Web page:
The Silk Painting

June 16, 2011
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The relationship I had with my grandfather was an original one. Best friends someone could say. Even though he was clearly six and a half decades older than me, he still thought he was my age looking through his eyes. When I would visit him in his small Laguna Hills home, we would sit by the fire he would make for us every night on the patio. Under the cool California evening sky we would roast marshmallows and we would have conversations for hours about various stories he would tell me about his life. Such as how his 1955 Austin Healey was taken away from him due to his habit of having a lead foot, the time him and his friend bought a car for only fifty dollars when they were fifteen, or the time when he dated a Bond Girl and that she would always put her bare feet on the dashboard that he just cleaned and how it would irritate him. It was always a different story when I saw him or when I talked on the phone with him. When my mom received the call from my uncle that the cancer had metastasized all the way up into his esophagus and he was now at a much more peaceful state, I didn’t know how normal my world would be. I knew there were much more stories that he hadn’t yet shared with me and I wanted that entertainment and friendship back.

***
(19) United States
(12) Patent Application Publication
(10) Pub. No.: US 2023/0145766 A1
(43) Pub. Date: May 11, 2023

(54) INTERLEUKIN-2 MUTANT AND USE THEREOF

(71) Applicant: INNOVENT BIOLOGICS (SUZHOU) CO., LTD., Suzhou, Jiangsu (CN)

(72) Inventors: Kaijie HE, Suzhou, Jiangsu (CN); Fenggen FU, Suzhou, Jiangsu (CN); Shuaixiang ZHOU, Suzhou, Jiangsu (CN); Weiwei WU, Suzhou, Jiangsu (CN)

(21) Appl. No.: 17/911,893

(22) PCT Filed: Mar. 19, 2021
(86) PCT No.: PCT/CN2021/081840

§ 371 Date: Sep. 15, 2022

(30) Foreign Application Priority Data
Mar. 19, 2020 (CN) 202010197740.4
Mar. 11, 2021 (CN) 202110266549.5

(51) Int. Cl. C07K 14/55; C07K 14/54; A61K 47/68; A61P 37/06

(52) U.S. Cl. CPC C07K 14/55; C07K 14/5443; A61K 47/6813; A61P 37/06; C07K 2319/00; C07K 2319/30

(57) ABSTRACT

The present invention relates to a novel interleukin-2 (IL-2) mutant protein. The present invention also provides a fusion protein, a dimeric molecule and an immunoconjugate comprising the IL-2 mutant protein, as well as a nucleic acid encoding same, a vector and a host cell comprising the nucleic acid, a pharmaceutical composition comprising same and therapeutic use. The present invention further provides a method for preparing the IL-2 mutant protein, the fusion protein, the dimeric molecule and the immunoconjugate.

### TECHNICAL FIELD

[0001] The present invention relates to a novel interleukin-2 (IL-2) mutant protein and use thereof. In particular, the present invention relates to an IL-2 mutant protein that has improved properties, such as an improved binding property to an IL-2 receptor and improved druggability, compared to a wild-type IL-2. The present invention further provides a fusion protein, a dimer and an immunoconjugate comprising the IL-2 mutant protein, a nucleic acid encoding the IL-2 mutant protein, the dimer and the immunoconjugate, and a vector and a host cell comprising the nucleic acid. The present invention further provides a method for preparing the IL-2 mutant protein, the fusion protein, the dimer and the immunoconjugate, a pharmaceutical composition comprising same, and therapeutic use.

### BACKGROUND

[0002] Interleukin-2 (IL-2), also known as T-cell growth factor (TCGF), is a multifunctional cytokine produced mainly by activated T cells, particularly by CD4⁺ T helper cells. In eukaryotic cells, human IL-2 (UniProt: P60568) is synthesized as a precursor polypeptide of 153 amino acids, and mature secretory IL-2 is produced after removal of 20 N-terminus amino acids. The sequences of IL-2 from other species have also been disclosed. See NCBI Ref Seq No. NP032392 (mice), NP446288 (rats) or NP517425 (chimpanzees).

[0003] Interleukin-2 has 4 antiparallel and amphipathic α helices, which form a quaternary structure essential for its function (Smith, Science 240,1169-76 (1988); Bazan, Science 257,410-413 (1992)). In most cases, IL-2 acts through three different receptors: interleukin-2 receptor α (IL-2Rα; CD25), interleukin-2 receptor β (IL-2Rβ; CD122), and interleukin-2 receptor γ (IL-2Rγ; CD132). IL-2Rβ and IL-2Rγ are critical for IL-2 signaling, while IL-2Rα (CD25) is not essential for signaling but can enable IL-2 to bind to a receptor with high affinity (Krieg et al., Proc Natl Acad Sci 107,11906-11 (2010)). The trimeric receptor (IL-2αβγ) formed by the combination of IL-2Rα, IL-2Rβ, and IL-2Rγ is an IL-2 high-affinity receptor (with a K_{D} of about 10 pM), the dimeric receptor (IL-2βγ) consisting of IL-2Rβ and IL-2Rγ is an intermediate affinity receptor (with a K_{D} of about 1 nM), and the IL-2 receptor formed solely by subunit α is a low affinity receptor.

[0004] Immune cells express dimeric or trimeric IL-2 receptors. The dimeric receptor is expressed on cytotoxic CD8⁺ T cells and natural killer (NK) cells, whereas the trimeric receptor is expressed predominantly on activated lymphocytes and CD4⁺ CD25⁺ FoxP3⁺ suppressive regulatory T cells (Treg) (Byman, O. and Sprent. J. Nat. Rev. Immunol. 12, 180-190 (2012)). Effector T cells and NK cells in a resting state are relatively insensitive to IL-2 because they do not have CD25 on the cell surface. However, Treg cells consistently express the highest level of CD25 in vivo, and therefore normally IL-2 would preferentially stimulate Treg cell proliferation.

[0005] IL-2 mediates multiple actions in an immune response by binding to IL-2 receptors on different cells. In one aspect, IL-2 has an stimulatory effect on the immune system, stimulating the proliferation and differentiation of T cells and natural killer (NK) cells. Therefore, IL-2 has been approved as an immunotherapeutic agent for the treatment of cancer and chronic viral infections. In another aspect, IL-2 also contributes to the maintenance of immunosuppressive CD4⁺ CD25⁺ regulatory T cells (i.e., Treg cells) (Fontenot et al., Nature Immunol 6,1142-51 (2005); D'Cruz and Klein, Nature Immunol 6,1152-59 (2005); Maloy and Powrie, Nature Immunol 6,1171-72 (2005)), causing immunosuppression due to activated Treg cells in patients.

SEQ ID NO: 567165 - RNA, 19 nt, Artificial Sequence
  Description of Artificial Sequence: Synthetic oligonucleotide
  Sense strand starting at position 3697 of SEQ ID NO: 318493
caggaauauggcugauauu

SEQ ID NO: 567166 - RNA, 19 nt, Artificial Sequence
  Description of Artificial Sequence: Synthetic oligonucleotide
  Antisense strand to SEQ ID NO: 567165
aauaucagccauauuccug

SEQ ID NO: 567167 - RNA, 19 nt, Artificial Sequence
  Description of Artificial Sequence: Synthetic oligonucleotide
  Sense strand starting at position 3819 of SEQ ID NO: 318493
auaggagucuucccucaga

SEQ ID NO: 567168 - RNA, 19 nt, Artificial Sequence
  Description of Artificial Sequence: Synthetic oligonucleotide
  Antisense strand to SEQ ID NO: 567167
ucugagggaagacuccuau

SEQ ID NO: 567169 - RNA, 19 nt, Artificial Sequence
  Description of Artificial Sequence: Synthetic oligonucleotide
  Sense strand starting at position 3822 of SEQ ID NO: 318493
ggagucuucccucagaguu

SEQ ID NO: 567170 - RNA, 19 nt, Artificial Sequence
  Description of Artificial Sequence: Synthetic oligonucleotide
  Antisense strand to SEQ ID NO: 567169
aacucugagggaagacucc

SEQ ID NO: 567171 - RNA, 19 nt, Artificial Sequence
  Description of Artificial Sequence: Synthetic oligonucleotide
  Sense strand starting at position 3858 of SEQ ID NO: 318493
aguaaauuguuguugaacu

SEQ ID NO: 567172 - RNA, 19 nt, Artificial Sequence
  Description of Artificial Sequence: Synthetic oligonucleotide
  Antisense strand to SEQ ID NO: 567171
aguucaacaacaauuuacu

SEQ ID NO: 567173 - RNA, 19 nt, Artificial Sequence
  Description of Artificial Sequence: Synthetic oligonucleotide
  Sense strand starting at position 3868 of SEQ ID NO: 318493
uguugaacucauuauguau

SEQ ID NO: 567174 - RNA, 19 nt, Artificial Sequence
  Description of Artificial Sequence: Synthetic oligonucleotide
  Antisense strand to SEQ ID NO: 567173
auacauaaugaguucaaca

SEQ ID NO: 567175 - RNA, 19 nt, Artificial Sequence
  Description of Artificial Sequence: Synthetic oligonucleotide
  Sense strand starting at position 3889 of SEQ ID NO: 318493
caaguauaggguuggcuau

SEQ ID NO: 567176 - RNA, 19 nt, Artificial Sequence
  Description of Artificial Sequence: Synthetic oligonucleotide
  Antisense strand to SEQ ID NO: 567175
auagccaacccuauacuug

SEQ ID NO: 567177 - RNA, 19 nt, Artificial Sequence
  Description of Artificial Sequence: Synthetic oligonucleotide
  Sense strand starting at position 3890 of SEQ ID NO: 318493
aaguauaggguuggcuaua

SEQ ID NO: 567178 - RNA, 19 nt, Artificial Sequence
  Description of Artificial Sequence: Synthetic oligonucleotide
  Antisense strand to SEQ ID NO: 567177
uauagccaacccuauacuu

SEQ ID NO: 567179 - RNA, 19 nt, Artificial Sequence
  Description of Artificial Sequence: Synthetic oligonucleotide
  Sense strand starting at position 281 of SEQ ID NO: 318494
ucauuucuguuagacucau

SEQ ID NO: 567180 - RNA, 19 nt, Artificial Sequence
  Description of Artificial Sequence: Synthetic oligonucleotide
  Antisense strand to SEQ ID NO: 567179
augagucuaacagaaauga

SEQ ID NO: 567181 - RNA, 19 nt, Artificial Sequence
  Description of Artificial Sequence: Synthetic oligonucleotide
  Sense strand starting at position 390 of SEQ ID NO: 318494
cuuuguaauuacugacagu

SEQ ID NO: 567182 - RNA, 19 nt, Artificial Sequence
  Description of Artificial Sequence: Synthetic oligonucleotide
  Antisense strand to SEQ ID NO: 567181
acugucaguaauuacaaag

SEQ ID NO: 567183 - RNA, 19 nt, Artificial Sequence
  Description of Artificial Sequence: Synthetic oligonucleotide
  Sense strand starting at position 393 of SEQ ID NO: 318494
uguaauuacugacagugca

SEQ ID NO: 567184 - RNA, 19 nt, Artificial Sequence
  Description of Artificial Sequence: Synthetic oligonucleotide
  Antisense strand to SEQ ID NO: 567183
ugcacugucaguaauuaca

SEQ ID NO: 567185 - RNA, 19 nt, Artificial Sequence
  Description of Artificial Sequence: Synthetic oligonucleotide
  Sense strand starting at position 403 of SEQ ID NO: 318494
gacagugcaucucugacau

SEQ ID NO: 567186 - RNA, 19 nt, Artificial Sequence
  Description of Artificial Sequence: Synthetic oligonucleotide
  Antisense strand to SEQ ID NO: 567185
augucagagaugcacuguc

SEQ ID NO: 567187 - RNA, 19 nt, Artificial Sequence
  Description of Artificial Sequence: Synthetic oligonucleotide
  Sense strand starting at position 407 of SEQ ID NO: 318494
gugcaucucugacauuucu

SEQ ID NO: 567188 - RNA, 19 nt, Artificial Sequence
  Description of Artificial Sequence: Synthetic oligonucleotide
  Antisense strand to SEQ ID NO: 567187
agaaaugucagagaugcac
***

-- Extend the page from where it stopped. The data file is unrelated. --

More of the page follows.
I played guitar at his memorial service. He would always come find me to ask if I could play for him, so I just felt as though it was appropriate. “Ben, take out that guitar and play for us by the fire!” he would say to me almost every night. Now there was no one to play to. My family went back to his house and went through his things to take what we wanted and distribute it through everyone in my family including my aunts, uncles, and cousins. This is where I heard more of his stories and where I continue to. Even though he didn’t get to tell me the other millions of stories he had stored in his brain, he left them for me to find in his belongings. Almost a dozen old cameras starting with a video camera from the 1940s, model 1955 Ford Thunderbirds, his old fishing rod he used when he was just a boy, a harmonica from Germany that might be close to a hundred years old, but one items that sits amongst my collection of my grandfather’s things is a silk painting he received in the Korean War. During the time he was in the war he was mainly stationed on a ship, handing off heavy ammunition to the large turrets used to shoot down enemy aircraft. However, one of the only times he and his company went on land was when they were instructed to rebuild an orphanage. It was attacked and almost completely demolished by the North Koreans. The orphans’ and the owners’ lives’ were saved; they wouldn’t have to find another place to stay and they were again safe from the bombardment of people from their own country. In return, they gave my grandfather a beautiful painting on a white silk rectangle. The painting is of the Korean National Flower called the Mugung Hwa that grows on a warm colored brown branch. In the top left corner it says “KOREA” in sky blue letters and on the right side of the painting itself there are a cluster of Korean characters that I have not yet figured out how to translate. The word “mugung” in Korean means forever or everlasting. He helped build them an orphanage that would be everlasting once again and now I will keep his painting and make sure that it lasts forever. He may not still be here, but his voice and memory still echoes throughout my room from all of his belongings, and as for the stories I’ve never heard? I heard the rest of them when I went through all of his belongings that one last time.





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